There are a number of chemical classes that should not be investigated using the current version of the PBT Profiler. Important classes of chemicals that should not be profiled are provided below. This is not an exhaustive list. Expert assistance is available from the developers of the PBT Profiler.Chemicals With Experimental Data
|Chemicals with experimental data from a well conducted laboratory study should not be run through the PBT Profiler. Experimental data should always be used in preference to estimations when identifying P2 opportunities.|
|Inorganic Chemicals||To Top|
The estimation methods used for the PBT Profiler were designed and developed
for organic chemicals. Inorganic chemicals will not provide reliable
results and should not be profiled. This category of chemicals is
defined as all chemicals that do not contain Carbon. It
includes neutral species such as
titanium dioxide (TiO2)
inorganic salts, such as sodium chloride (NaCl) or potassium permanganate (KMnO4).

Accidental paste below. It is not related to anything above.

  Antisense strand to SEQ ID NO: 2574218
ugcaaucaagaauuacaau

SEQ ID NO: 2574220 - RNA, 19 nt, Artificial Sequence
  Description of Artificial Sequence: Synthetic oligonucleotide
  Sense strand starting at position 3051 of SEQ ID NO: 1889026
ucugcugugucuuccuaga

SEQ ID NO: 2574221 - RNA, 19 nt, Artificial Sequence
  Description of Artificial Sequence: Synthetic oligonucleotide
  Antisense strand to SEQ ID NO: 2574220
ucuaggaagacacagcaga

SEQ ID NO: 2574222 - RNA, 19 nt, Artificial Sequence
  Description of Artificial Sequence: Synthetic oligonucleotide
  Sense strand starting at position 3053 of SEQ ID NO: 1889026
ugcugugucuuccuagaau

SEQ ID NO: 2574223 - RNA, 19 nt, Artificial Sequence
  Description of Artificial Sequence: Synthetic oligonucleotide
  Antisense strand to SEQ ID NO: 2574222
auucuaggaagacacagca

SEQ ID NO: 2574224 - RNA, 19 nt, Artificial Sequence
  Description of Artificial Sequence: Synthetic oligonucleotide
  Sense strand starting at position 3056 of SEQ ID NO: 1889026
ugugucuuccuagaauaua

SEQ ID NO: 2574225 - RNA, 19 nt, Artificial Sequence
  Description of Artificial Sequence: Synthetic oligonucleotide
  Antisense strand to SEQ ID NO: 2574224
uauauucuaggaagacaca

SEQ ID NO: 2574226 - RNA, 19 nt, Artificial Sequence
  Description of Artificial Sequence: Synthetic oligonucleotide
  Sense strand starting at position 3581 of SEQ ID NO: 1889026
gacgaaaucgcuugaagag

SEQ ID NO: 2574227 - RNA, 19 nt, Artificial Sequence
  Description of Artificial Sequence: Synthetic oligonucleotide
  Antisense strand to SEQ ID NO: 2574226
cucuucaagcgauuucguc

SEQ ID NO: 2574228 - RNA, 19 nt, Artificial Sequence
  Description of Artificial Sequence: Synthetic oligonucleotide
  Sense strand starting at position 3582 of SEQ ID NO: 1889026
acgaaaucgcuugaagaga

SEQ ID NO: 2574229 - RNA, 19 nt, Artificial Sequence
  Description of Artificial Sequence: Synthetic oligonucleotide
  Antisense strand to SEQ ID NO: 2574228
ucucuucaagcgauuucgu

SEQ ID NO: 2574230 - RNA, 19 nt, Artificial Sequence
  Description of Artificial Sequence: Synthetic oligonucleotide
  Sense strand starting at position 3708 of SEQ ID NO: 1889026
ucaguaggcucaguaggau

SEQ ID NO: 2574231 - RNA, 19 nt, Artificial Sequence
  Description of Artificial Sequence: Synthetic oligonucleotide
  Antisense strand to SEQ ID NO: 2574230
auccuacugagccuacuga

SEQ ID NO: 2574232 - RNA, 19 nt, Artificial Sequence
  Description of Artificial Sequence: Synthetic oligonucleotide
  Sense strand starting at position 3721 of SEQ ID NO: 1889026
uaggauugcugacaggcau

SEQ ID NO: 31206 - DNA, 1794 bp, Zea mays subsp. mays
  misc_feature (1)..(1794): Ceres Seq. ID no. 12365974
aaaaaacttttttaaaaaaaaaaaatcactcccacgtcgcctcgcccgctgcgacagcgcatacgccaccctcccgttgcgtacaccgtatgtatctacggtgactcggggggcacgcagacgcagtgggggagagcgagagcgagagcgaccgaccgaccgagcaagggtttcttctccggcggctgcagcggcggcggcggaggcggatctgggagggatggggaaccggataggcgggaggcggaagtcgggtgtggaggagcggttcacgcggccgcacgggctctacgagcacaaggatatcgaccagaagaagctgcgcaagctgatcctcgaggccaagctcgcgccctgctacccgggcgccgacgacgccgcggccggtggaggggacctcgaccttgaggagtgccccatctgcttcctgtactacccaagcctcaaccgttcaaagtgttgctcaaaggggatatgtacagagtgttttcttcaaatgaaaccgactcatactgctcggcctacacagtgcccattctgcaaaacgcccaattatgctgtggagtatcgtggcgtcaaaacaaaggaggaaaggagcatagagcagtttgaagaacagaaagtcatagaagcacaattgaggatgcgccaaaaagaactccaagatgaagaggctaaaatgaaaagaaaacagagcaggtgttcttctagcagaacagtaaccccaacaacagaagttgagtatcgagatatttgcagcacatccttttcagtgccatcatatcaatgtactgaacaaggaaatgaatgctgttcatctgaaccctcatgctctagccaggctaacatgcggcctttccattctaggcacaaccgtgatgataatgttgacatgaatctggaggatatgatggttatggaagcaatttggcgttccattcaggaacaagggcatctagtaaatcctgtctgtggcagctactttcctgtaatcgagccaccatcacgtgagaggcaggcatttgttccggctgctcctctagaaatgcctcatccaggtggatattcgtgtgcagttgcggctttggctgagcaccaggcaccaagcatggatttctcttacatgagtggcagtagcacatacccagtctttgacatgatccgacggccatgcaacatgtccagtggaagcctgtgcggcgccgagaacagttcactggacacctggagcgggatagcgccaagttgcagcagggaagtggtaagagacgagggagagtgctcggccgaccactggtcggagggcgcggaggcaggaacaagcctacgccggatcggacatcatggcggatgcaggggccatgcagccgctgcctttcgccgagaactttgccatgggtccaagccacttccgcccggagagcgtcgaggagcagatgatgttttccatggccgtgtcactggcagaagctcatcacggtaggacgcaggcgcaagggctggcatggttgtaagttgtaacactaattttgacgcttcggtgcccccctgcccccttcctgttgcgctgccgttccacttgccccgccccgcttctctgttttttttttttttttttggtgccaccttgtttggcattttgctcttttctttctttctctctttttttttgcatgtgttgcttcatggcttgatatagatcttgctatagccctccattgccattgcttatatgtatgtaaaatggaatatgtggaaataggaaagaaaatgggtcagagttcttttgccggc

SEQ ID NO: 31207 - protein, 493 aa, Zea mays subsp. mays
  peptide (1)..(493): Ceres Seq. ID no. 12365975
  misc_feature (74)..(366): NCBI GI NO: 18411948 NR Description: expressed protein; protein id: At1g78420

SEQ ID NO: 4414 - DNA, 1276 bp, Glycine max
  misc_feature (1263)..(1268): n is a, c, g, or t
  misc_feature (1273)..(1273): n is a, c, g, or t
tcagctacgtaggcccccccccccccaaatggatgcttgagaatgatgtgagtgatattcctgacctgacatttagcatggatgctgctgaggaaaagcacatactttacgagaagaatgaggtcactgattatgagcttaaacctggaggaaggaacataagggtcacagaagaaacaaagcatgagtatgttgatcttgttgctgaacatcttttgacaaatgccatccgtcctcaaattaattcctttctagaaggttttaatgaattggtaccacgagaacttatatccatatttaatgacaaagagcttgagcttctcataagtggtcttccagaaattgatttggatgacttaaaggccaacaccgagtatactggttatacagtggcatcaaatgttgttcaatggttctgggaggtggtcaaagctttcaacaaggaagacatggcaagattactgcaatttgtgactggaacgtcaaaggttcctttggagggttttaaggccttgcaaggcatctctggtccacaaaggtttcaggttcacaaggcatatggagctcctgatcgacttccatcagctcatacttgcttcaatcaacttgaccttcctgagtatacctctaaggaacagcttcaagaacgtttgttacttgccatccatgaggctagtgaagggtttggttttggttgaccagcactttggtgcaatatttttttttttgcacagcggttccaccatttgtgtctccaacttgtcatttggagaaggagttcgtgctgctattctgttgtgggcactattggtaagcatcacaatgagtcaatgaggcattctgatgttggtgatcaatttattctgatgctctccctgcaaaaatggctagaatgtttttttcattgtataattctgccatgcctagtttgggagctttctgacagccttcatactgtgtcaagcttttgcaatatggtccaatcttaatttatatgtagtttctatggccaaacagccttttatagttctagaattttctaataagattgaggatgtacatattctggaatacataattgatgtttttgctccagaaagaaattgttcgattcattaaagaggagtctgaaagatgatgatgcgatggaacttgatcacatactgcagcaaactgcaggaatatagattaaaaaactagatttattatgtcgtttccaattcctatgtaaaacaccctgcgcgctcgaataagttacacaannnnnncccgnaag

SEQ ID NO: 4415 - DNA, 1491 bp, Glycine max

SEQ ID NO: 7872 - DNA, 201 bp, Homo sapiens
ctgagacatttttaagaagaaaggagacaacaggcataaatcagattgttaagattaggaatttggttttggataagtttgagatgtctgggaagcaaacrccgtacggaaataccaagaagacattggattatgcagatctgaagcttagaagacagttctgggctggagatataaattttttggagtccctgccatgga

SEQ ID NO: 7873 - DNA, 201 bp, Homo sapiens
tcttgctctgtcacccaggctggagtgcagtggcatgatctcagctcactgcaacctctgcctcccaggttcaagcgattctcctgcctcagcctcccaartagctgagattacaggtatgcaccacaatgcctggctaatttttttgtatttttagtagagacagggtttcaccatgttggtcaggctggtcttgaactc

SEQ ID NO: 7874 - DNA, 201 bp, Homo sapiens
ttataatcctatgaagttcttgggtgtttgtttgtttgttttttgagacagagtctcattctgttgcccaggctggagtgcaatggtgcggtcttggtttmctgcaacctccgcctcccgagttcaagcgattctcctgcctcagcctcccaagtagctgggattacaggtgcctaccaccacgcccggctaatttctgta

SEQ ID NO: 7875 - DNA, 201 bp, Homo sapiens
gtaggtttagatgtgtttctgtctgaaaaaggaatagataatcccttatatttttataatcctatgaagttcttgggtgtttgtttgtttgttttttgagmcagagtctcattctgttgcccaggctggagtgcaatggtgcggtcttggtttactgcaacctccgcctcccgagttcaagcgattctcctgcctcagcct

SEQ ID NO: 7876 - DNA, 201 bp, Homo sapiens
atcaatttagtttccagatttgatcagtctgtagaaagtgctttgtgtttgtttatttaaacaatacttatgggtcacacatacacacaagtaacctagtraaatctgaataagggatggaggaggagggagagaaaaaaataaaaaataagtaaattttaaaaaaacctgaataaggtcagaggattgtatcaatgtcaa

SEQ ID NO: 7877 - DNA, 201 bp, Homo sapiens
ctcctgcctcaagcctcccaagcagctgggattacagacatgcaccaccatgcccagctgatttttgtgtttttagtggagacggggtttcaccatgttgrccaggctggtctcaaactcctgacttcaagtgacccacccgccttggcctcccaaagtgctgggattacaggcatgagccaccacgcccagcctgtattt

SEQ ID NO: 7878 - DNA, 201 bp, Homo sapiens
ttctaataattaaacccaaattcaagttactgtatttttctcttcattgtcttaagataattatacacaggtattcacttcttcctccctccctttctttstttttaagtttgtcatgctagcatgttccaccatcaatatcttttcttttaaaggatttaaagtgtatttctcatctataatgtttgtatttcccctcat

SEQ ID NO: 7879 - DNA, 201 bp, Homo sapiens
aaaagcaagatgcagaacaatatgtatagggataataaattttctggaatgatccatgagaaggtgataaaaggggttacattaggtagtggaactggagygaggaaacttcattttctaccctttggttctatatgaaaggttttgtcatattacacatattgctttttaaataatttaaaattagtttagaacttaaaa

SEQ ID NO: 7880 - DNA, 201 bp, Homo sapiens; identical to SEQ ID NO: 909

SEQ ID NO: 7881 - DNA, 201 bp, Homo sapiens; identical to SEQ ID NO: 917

This class of chemicals also includes organo-metallic chemicals
(chemicals that contain carbon bonded to a metal species).
If a chemical contains any of the elements in the following table, it should not be profiled:
|Sodium, potassium, and ammonium salts of organic acids, such as sodium acetate, can be run through the PBT Profiler. This is discussed in the salts section, below.|
|Reactive Chemicals||To Top|
Chemicals that are known, or suspected, to be reactive should not be profiled.
This category is for those chemicals that would be expected to have a half-life
of less than 60 days under "normal" environmental conditions because
they would meet the criteria of the "not persistent" category.
chemicals, therefore, would not be expected to persist in the environment for
long periods of time (and as a result, they would not be expected to bioaccumulate).
It is important to note, however, the highly reactive compounds may display
acute (short term) toxicity, and this should be considered in a P2
assessment on them.
Examples of reactive chemicals are provided in the following table. This list is provided to demonstrate the types of chemical processes that may lead to rapid degradation. An important sub-class of reactive chemicals are those that undergo rapid hydrolysis (react with water).